6. Taos, New Mexico
Taos Ski Valley
Taos has a lot of public spas and health clubs so you can make the most of your trip to this tiny town of about 5,000 people and its hot springs. Taos is very close to Taos Pueblo, a Native American village that is thought to be one of the oldest continuously inhabited communities in North America and a UNESCO World Heritage Site. The Wild Rivers Recreation Area is a “hidden gem” in the state, ideal for hiking, camping or simply enjoying a breathtaking view. The Rio Grande George Bridge is another must-see in Taos (and read some the inspiring messages written on it).
7. Whitefish, Montana
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Biking is a typical winter sport in Whitefish since the new Fat Bikes came out. This small charming city is right at the bottom of Big Mountain and Glacier National Park. The city is pretty much giant ski village with the Whitefish Mountain Resort being the go-to place for everyone. For a change of scenery, visit the Santi World Art Museum to see bronze sculptures by the famous sculptor, Sunti, commemorating Native American chiefs and historic legends – a stunning display of art.
8. Jackson, Wyoming
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Don’t just go to the mountain; take a tandem paragliding flight there! Aside from the popular winter activities such as skiing, you can try dogsledding. Visit the National Elk Refuge where thousands of migratory elk come every November when mating season starts. Jackson Hole is famous for its three local ski areas, Jackson Hole Mountain Resort, Grand Targhee Resort and Snow King Resort where, among the usual things, you can try snowmobiling and wildlife safaris. Want another incredible way to see the landscape? Go on a 6-hour hiking experience (great exercise, too).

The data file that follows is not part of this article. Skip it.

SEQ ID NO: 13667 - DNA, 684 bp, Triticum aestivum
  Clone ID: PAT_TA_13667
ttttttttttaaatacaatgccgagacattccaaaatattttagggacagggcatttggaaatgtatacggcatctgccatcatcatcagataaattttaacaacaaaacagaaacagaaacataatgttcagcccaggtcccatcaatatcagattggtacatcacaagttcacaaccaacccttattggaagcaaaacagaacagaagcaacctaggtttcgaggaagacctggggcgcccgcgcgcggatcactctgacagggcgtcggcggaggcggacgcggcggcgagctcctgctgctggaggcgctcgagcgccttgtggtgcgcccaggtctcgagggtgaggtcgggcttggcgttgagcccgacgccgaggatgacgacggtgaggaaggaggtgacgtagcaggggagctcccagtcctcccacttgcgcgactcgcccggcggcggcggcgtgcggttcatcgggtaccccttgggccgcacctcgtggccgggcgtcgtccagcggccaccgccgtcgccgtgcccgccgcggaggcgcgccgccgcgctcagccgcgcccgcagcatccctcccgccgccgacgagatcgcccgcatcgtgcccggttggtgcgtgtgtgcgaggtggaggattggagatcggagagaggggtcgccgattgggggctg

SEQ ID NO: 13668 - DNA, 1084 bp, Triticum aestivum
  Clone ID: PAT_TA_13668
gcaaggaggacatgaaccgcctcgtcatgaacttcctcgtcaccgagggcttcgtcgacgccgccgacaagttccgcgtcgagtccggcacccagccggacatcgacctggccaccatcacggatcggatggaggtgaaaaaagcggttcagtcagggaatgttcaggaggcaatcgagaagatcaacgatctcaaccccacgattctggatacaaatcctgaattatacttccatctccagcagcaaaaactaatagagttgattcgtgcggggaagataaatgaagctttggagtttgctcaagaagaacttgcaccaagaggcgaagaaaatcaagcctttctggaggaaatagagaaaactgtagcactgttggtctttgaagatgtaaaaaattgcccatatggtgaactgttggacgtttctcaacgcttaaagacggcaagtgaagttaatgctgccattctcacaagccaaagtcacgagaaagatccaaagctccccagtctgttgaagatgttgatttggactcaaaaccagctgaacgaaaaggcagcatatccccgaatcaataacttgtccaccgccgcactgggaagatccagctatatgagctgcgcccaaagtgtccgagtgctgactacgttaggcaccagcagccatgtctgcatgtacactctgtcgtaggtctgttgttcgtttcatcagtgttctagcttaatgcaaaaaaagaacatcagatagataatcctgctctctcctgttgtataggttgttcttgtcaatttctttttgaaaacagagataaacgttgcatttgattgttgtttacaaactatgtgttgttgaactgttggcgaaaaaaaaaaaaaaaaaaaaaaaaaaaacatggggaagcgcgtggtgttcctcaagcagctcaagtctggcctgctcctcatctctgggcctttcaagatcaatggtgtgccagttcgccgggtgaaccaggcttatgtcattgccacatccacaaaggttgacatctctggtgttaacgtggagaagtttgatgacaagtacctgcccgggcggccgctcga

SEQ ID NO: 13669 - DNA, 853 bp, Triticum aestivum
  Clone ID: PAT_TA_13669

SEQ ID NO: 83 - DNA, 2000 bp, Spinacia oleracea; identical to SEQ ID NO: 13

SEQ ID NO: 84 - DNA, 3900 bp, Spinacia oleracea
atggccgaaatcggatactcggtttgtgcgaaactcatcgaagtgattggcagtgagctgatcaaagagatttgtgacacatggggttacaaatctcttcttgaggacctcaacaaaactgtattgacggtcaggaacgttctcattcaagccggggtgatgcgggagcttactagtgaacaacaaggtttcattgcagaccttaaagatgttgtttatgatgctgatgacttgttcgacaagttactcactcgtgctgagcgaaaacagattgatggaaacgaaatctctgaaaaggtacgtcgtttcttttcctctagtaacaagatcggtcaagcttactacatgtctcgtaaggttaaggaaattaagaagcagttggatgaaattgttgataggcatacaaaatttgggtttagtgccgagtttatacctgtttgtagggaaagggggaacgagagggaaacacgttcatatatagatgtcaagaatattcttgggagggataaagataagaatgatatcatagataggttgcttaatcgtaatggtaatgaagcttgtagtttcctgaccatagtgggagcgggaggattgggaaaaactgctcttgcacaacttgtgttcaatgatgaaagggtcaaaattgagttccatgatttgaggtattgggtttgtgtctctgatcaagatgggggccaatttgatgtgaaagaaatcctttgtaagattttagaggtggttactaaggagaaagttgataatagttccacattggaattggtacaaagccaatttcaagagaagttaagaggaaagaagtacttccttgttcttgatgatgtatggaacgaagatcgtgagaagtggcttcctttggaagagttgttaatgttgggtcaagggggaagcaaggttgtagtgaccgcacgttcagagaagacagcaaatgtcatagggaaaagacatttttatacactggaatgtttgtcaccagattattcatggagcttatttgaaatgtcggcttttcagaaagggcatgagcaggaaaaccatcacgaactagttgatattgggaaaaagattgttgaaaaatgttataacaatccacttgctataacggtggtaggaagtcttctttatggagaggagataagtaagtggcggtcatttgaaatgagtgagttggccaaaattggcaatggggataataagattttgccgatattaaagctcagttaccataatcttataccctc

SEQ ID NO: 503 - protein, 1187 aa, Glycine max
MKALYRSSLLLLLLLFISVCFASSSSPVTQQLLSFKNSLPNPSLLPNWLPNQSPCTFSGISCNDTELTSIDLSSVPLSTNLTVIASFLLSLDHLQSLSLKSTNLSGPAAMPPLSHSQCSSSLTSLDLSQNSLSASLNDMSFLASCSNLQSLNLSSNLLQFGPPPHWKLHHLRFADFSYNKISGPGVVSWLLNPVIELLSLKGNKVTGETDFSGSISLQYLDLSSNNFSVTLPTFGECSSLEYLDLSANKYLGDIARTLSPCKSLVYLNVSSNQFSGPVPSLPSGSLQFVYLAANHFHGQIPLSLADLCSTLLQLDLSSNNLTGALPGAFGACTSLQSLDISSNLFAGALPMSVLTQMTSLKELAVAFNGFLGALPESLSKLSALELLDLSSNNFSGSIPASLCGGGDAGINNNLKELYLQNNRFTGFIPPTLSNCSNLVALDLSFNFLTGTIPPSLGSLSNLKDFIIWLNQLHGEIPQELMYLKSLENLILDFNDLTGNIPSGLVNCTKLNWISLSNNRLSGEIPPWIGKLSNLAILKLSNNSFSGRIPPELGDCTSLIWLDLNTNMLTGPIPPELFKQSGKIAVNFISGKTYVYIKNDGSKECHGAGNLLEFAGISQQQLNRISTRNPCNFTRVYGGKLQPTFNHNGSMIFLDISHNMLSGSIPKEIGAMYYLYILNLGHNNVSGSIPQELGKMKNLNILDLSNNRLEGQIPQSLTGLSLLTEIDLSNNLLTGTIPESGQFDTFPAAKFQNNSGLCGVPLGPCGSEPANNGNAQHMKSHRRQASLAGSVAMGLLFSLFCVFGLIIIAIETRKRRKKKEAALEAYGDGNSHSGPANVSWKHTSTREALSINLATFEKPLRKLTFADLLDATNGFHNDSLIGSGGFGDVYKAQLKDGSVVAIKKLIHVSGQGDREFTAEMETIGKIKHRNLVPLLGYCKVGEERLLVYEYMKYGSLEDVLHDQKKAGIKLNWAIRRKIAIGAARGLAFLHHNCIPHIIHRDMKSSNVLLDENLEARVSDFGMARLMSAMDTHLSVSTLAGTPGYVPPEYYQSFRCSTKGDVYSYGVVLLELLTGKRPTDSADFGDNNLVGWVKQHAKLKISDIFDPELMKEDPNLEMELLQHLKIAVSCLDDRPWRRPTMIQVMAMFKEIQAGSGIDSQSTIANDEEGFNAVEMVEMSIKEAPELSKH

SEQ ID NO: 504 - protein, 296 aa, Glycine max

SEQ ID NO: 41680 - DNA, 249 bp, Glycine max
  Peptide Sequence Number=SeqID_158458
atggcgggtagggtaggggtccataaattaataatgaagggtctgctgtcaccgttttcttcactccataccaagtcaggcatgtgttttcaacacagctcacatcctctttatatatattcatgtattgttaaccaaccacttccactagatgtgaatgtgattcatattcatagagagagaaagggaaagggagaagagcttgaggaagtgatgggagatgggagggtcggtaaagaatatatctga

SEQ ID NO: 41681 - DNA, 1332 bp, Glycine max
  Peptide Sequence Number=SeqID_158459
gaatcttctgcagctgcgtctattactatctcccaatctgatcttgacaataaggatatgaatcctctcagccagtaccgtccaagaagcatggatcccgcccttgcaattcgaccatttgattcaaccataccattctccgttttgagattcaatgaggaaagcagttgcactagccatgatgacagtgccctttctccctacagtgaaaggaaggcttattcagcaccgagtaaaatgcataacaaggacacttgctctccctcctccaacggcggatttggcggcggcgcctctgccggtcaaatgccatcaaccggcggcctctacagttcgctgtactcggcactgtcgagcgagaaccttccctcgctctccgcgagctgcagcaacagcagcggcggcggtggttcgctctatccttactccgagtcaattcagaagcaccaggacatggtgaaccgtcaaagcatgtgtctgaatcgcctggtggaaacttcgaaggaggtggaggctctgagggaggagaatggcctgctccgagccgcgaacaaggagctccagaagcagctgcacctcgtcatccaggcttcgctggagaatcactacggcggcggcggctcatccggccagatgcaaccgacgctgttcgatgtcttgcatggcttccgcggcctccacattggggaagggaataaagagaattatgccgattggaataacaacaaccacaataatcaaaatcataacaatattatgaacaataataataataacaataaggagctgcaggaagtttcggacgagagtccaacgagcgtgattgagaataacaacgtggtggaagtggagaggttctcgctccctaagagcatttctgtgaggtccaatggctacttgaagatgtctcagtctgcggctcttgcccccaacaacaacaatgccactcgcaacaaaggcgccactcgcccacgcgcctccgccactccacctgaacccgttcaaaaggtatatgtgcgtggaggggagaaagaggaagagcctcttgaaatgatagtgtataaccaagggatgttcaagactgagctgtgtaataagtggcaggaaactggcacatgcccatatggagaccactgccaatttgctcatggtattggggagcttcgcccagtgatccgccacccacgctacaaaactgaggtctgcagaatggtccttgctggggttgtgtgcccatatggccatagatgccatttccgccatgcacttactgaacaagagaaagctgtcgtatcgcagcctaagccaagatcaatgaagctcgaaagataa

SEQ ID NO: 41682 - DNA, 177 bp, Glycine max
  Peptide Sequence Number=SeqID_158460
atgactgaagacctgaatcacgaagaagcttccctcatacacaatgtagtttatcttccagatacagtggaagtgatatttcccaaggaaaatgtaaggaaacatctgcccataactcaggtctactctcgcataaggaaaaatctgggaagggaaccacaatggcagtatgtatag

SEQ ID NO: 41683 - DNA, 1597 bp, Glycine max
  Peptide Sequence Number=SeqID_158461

9. Ketchum, Idaho
Ketchum is known as the place where Ernest Hemingway is buried. His house is still standing but you can only see it from afar because it’s not open to the public. Other than skiing, people from all over go for hiking and trail riding. Ketchum is a ranching (and mining) town. Bring a towel and a bathing suit and go to the region’s hot springs. They are mostly undeveloped areas of the wilderness. Or head toward to Galena Pass into the magnificent Stanley Basin. Oh, if you’re into ice-skating, the rinks in Ketchum and the neighboring Sun Valley are astonishing.
10. Lake Placid, NY
Ah, the Olympic Village…Ice climbing may not be the most relaxing winter activity out there but it’s certainly one worth trying. If you are in Lake Placid, don’t miss your chance (but go with a guide, please). Now, for a more soothing experience, why not try tobogganing. Pond hockey has grown in popularity tremendously. There is even a tournament every year in January. For a light and fun outdoor activity, ice skating in Lake Placid is like nothing else. There is a beautiful out in the open skating loop on Mirror Lake and several cleared natural rinks elsewhere.
11. Asheville, North Carolina
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Go for some air in Asheville, the home of the United States National Climatic Data Center (NCDC), the world's largest active archive of weather data. Winters there are mild and crowds are rare which makes the city ideal for a relaxing getaway. Visit the Pinball Museum to show the kids some fun and keep them occupied. Go on a ghost tour to learn more about the city’s history. There are plenty of other scary tours that will give you goosebumps…